AMSTERDAM (Reuters) – The Netherlands began transferring COVID-19 patients to Germany again on Friday, as hospitals come under increasing strain from a second wave of infections.
The Flevo hospital in the central Dutch town of Almere said it would transfer two of its intensive care patients by helicopter to a hospital in Muenster, around 65 km (40 miles) east of the Dutch-German border.
The transfers were the first during the second wave that began in the Netherlands early last month. During the first wave in March and April dozens of Dutch patients were transferred to Germany, where intensive care capacity is larger.
Dutch hospital association LCPS said it expected the transfer of four more patients to Germany over the weekend.
Infections in the Netherlands have reached a record high almost every day since mid-September and jumped to a new peak of almost 10,000 on Friday. Daily confirmed infections in Germany, where the population is almost five times bigger, were at 11,242.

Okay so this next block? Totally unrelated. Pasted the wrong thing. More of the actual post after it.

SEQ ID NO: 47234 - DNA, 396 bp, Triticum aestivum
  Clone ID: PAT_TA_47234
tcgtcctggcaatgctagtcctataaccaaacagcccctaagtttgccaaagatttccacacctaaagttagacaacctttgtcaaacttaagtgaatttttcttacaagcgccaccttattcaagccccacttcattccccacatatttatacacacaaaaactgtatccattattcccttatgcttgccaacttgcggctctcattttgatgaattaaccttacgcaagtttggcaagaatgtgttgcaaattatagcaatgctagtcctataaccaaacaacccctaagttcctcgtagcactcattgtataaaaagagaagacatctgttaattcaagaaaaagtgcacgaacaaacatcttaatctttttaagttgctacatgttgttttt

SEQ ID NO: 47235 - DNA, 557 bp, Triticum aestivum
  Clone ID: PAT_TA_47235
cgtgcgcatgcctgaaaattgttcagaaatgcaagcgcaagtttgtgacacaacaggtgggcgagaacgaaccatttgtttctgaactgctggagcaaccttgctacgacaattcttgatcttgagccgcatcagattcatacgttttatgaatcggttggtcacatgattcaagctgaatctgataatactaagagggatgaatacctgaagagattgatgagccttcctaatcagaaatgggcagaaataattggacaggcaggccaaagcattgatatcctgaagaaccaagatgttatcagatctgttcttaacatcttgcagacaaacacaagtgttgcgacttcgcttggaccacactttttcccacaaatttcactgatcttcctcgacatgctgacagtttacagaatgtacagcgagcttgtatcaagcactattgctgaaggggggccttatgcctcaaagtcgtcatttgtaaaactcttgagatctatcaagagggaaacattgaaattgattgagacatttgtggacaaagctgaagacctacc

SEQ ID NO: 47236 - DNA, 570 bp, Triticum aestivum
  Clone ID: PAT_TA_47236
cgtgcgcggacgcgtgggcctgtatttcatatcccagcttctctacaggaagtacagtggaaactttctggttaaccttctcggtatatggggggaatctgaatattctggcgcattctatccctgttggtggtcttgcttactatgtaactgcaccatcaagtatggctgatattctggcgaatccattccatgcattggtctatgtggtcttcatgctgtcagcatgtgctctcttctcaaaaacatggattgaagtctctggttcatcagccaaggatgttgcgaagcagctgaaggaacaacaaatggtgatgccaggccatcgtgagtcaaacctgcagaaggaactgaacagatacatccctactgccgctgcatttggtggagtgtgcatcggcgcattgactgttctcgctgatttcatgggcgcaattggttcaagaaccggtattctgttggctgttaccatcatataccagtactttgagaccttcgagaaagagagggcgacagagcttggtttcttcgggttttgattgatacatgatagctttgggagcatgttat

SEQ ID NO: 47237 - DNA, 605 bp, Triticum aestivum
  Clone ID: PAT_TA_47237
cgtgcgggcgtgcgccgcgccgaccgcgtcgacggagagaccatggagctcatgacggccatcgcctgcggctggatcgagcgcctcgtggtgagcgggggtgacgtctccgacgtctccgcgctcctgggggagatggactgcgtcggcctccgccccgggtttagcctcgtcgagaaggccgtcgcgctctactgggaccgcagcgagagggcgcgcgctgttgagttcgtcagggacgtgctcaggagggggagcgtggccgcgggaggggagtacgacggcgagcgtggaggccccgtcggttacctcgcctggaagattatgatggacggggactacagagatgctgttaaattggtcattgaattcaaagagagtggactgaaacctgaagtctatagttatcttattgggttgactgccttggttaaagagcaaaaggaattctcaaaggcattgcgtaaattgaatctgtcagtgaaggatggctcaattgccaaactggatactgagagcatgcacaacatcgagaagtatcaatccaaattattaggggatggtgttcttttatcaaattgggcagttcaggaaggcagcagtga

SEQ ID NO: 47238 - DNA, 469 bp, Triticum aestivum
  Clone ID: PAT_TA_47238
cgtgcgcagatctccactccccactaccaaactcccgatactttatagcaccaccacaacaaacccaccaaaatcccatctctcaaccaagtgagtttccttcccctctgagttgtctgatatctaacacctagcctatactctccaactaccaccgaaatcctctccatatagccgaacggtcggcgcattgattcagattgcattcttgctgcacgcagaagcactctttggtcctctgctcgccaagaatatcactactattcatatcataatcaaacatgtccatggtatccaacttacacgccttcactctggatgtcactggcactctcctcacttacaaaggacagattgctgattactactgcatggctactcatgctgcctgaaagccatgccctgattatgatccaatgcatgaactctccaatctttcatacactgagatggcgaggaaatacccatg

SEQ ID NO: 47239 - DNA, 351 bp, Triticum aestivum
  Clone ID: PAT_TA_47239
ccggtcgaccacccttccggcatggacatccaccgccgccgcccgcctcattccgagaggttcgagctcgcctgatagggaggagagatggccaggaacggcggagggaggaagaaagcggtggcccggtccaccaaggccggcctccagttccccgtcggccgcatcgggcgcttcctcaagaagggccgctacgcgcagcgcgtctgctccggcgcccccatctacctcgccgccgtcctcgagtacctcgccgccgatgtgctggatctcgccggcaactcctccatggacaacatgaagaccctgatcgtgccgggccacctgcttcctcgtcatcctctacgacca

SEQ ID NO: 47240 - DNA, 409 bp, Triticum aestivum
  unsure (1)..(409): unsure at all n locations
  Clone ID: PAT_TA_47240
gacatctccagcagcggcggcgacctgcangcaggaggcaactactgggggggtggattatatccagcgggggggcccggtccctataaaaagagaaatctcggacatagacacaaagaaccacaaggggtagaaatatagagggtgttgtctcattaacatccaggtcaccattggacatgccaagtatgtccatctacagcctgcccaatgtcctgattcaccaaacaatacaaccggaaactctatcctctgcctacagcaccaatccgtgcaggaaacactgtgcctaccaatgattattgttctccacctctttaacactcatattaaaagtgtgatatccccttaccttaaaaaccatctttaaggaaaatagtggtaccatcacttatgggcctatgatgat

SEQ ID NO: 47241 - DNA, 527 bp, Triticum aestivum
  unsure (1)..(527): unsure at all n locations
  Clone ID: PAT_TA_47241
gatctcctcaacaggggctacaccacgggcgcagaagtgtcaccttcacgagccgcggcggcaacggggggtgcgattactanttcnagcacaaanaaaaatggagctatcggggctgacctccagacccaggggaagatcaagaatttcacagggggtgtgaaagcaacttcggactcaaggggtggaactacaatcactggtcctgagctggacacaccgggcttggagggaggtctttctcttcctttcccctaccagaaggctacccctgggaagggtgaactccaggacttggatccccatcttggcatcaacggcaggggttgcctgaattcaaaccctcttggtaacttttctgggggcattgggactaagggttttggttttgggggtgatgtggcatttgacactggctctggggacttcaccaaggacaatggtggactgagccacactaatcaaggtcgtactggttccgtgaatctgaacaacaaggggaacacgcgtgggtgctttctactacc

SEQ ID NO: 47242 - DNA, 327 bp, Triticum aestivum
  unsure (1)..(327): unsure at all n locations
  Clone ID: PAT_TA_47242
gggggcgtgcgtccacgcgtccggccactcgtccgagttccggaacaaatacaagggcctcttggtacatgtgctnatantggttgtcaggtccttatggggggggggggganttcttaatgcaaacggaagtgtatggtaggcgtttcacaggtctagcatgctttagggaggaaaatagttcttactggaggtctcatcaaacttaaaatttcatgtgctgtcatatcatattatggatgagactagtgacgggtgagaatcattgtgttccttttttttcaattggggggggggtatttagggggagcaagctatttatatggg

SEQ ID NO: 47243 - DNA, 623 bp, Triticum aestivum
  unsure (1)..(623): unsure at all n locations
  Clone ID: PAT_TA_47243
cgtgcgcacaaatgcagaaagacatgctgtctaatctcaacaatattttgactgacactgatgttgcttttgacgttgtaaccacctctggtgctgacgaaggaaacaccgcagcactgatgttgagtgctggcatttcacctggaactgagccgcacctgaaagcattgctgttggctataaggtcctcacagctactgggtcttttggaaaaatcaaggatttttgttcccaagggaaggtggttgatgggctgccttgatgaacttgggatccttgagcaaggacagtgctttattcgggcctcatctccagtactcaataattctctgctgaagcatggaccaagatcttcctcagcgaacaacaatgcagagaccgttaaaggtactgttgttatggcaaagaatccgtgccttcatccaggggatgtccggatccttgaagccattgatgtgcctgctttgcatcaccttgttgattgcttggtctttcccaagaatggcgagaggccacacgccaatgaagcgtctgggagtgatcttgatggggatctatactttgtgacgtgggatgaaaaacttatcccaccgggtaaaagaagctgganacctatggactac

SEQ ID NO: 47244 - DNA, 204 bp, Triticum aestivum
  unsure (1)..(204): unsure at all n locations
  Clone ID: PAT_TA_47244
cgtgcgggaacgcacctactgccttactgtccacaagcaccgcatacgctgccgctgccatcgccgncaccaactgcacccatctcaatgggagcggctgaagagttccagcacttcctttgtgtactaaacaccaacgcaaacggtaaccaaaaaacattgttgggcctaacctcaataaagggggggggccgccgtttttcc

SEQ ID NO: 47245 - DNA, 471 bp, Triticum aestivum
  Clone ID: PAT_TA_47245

Prime Minister Mark Rutte said it was too early to say whether a broader lockdown would be needed, even though he called the rate of infections very worrying.
“All scenarios are on the table”, Rutte told reporters.
“But we first need to get a better picture of the effects of the current measures.”
The government imposed partial lockdown measures last week, including the closure of all bars and restaurants.
The number of patients hospitalised with the coronavirus in has doubled in the past two weeks, while almost half of all intensive care beds are now being used for COVID-19 patients.
(Reporting by Anthony Deutsch and Bart Meijer; Editing by Philippa Fletcher and Andrew Cawthorne)